Alex Bragg's Gymnastic Jumping Series

The purpose of gymnastic jumping exercise

Gymnastic exercises train the horse to trust you and to jump between the wings, which are vital for cross country. The horse will gain independence and think for himself, rather than rely on you as a rider and his reactions will improve. If you set a grid up that puts the horse right every time, he wonít learn how to think for himself so there will be little margin for error.

Pace, distance, angles and point of take off will vary every time you ride and you want your horse to be able to react in a positive way when you make adjustments as you approach a fence.

As a rider, gymnastic exercises will highlight if you are unbalanced and whether you are better on one rein than the other.

When using gymnastic exercises progress steadily so that you donít over face your horse. You want to challenge yourself and your horse but you must remain calm and in a rhythm. A horse will only learn if it is relaxed and thinking for himself rather than feeling stressed and panicked.

Gymnastic exercises will prepare your horseís mind and body that they have to do something else and they will help you develop your own and your horsesí skills in a safe environment.


What you are hoping to achieve

Introduce this exercise to teach rhythm, balance and athleticism. At the same time you will be training the horse to use his initiative and his ability to think for himself.

The exercise

Place 7 poles on the ground about 3 metres apart. You will need to vary the distance depending on the size of the horse or pony.

Trot through the poles from both directions so that the horse is settled.

Slowly raise the poles one or two at a time until they are all raised.

Introduce varying heights so that the horse which will encourage him to adjust his jump according to the jump in front of him.

Potential Pitfalls

Your horse or pony may learn the grid so keep adjusting it so that he remains focused and thinking for himself.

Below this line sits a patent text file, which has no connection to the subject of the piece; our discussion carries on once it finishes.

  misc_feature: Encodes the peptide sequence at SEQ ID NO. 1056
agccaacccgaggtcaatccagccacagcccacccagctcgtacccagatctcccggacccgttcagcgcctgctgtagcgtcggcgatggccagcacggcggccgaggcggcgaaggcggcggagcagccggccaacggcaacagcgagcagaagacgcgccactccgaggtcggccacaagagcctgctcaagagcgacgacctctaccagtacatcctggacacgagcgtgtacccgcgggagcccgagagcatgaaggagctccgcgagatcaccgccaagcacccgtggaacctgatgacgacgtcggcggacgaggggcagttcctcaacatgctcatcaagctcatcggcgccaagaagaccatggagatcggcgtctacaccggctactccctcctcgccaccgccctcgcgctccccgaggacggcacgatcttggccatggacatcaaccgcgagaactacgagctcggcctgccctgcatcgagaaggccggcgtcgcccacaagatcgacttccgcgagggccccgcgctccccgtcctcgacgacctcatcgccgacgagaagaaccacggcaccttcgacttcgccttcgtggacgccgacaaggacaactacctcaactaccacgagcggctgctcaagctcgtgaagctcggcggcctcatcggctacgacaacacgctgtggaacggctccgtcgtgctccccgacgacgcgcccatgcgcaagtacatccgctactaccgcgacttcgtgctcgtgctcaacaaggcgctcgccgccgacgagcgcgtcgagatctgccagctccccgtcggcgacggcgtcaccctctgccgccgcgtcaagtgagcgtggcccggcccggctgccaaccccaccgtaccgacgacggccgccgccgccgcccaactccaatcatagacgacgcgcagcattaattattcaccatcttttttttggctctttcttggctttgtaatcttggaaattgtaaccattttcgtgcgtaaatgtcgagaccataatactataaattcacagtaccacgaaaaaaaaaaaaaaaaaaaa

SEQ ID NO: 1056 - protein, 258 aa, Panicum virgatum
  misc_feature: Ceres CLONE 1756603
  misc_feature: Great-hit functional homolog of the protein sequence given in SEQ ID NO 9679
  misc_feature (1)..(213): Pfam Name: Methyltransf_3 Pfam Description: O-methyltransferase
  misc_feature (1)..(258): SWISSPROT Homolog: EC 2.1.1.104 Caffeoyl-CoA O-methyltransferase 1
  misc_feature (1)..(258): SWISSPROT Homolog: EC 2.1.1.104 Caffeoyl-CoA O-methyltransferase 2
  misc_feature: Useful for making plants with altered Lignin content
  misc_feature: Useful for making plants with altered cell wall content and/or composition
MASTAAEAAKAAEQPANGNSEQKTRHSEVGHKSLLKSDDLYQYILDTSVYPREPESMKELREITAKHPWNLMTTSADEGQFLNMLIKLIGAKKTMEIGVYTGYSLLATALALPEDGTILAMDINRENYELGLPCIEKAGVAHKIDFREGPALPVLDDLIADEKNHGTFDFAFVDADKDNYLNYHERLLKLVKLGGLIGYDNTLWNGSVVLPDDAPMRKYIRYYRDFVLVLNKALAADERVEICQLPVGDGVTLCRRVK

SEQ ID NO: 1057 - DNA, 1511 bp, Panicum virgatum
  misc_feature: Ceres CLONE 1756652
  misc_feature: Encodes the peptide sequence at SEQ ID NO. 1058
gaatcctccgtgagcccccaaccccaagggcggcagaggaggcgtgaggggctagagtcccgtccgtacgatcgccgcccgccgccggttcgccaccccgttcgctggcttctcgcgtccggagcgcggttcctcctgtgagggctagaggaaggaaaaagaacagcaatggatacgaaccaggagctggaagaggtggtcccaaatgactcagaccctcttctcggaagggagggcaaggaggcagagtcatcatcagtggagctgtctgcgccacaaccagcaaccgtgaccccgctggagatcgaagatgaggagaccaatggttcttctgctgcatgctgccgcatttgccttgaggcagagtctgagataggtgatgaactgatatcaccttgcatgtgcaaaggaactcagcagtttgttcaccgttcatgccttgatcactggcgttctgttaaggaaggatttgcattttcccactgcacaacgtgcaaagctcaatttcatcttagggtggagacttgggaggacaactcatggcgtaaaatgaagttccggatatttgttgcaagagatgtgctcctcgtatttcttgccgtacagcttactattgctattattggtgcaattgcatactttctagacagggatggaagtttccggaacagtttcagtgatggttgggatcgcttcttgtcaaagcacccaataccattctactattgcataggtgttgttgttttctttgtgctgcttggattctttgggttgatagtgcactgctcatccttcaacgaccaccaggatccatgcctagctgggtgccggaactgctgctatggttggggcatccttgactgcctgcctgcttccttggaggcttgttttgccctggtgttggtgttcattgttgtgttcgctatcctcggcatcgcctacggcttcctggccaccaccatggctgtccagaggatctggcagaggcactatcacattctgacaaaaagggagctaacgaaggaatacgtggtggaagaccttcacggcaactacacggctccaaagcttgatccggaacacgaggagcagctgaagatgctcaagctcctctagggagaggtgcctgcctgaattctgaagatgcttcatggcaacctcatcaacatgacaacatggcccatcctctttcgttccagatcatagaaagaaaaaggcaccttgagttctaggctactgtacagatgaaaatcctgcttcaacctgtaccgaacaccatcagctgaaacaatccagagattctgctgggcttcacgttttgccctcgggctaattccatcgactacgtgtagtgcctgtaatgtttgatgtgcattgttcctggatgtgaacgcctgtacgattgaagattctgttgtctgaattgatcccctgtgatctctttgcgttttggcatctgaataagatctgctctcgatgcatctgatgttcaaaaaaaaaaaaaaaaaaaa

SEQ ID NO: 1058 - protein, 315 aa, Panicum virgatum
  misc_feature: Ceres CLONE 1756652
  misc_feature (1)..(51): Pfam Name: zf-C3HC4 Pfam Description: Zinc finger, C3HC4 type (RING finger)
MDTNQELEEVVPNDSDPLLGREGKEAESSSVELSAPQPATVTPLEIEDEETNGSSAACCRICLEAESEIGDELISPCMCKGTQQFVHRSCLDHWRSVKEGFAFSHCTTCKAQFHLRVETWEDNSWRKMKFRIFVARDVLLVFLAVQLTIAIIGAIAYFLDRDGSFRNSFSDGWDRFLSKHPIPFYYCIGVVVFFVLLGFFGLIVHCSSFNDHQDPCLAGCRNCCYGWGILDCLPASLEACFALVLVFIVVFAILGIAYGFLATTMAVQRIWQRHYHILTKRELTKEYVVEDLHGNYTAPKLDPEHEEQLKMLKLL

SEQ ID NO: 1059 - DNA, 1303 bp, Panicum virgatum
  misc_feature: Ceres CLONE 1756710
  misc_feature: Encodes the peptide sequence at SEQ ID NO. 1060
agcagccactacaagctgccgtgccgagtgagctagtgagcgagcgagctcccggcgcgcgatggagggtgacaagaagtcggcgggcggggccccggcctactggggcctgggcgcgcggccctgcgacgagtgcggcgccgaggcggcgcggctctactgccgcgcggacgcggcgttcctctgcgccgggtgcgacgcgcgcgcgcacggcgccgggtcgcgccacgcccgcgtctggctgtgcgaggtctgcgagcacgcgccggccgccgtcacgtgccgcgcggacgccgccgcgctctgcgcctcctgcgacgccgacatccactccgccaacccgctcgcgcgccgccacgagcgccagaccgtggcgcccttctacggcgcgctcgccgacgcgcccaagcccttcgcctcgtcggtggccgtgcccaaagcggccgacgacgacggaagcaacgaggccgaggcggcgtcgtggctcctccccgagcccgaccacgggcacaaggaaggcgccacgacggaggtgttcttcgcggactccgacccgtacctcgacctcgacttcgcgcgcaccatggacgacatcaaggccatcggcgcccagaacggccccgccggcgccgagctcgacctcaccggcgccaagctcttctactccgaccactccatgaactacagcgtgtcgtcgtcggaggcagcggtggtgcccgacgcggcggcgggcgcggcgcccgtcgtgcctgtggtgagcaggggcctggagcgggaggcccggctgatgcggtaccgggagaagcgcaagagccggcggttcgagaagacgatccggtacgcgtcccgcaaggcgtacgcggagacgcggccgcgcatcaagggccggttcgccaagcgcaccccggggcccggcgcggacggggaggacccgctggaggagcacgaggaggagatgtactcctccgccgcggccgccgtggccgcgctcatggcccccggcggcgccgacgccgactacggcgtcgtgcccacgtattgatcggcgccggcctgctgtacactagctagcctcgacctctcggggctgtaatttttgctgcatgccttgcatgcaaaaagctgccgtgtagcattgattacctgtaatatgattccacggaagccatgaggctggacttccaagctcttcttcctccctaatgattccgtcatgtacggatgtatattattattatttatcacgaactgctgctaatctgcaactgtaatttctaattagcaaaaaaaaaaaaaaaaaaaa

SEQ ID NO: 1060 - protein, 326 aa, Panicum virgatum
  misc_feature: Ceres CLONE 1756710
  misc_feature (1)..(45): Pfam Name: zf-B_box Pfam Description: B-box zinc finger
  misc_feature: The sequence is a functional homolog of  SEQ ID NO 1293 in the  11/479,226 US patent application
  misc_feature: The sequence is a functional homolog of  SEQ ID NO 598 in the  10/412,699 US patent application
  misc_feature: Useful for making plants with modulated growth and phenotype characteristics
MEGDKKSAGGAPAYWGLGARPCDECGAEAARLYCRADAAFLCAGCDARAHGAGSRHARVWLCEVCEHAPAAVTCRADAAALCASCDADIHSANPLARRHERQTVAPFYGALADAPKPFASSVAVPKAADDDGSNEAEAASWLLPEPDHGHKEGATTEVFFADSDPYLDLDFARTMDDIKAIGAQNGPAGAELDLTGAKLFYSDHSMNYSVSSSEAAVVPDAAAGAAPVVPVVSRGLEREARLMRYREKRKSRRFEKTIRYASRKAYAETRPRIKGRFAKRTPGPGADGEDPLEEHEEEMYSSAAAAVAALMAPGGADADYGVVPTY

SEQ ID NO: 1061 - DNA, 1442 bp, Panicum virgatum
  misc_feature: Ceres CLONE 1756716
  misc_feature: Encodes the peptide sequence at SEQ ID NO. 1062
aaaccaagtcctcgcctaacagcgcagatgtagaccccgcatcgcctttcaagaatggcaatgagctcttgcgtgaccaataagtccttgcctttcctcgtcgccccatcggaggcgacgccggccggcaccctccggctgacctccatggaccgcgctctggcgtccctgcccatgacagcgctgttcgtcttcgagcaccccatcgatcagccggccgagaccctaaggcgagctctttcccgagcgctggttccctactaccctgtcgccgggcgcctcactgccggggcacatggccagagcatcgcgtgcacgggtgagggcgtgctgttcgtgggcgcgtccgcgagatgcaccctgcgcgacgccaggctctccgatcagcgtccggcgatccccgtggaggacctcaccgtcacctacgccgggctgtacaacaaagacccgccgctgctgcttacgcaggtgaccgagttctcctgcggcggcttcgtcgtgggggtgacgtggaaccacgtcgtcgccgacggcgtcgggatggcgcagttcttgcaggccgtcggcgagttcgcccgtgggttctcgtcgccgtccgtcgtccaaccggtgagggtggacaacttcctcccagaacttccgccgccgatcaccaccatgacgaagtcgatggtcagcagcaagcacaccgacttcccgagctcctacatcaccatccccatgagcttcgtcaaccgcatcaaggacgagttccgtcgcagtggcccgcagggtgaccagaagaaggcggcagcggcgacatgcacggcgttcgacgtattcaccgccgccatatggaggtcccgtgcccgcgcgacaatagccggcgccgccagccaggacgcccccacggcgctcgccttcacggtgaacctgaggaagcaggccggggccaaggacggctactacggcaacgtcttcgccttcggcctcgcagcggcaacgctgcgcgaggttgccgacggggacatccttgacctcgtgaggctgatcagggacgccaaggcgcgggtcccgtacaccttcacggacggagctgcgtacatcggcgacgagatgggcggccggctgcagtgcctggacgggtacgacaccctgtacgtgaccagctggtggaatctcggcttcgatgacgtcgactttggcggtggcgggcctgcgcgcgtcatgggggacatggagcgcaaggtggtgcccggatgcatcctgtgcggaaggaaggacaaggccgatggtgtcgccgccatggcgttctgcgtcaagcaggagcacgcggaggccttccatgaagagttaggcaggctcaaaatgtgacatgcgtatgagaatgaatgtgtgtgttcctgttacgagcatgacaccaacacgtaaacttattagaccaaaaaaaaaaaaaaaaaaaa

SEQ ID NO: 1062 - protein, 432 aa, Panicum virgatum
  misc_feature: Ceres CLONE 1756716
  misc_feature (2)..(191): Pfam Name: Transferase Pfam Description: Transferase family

The purpose of the exercise

This exercise requires a high level of concentration from the horse, which improves his focus and initiative and develops rhythm, balance, athleticism, suppleness and accuracy. It is good for showjumping and cross country.

The exercise

Set the fences in a plumb line at different distances apart. The further apart they are the easier the exercise is.

The jumps should be between 1 and 2 ft high and you donít need a ground line as you want to horse to focus on the rail.

Start off jumping one fence, then two, leaving a fence between to make it easy for the horse and to get him used to turning and jumping on an angle.

When your horse is going forward in a good rhythm and feels relaxed, jump the fences next to each other and build up to jumping four in a row.

Jump down the line on both reins and donít go too fast, stay very balanced as a rider but donít balance on the rein. It is the horseís responsibility.


The aim

When jumping on a circle you keep the inside leg on the horse which develops softness over a fence. This exercise will help you ride your horse from your leg and seat so that the horse can jump in self-carriage.

The exercise

Place three poles on an arc 2 metres apart at the centre.

Continue the arc to a fence 9m away. Approach in canter on both reins.

To make the exercise harder, raise the outside of the canter poles on the outside by a metre, which will create more jump in the canter.

Raise the fence up or down depending on the experience of the horse and the level of difficulty required. You could also add another fence 3 or 4 strides after the first fence.

Keep going until you feel your horse is soft and equal on both reins.

You can extend the exercise by continuing on a circle or you can ride on a figure of 8, which helps develop softness and suppleness through the horseís back.

As a rider focus on the poles and the middle of the jump.

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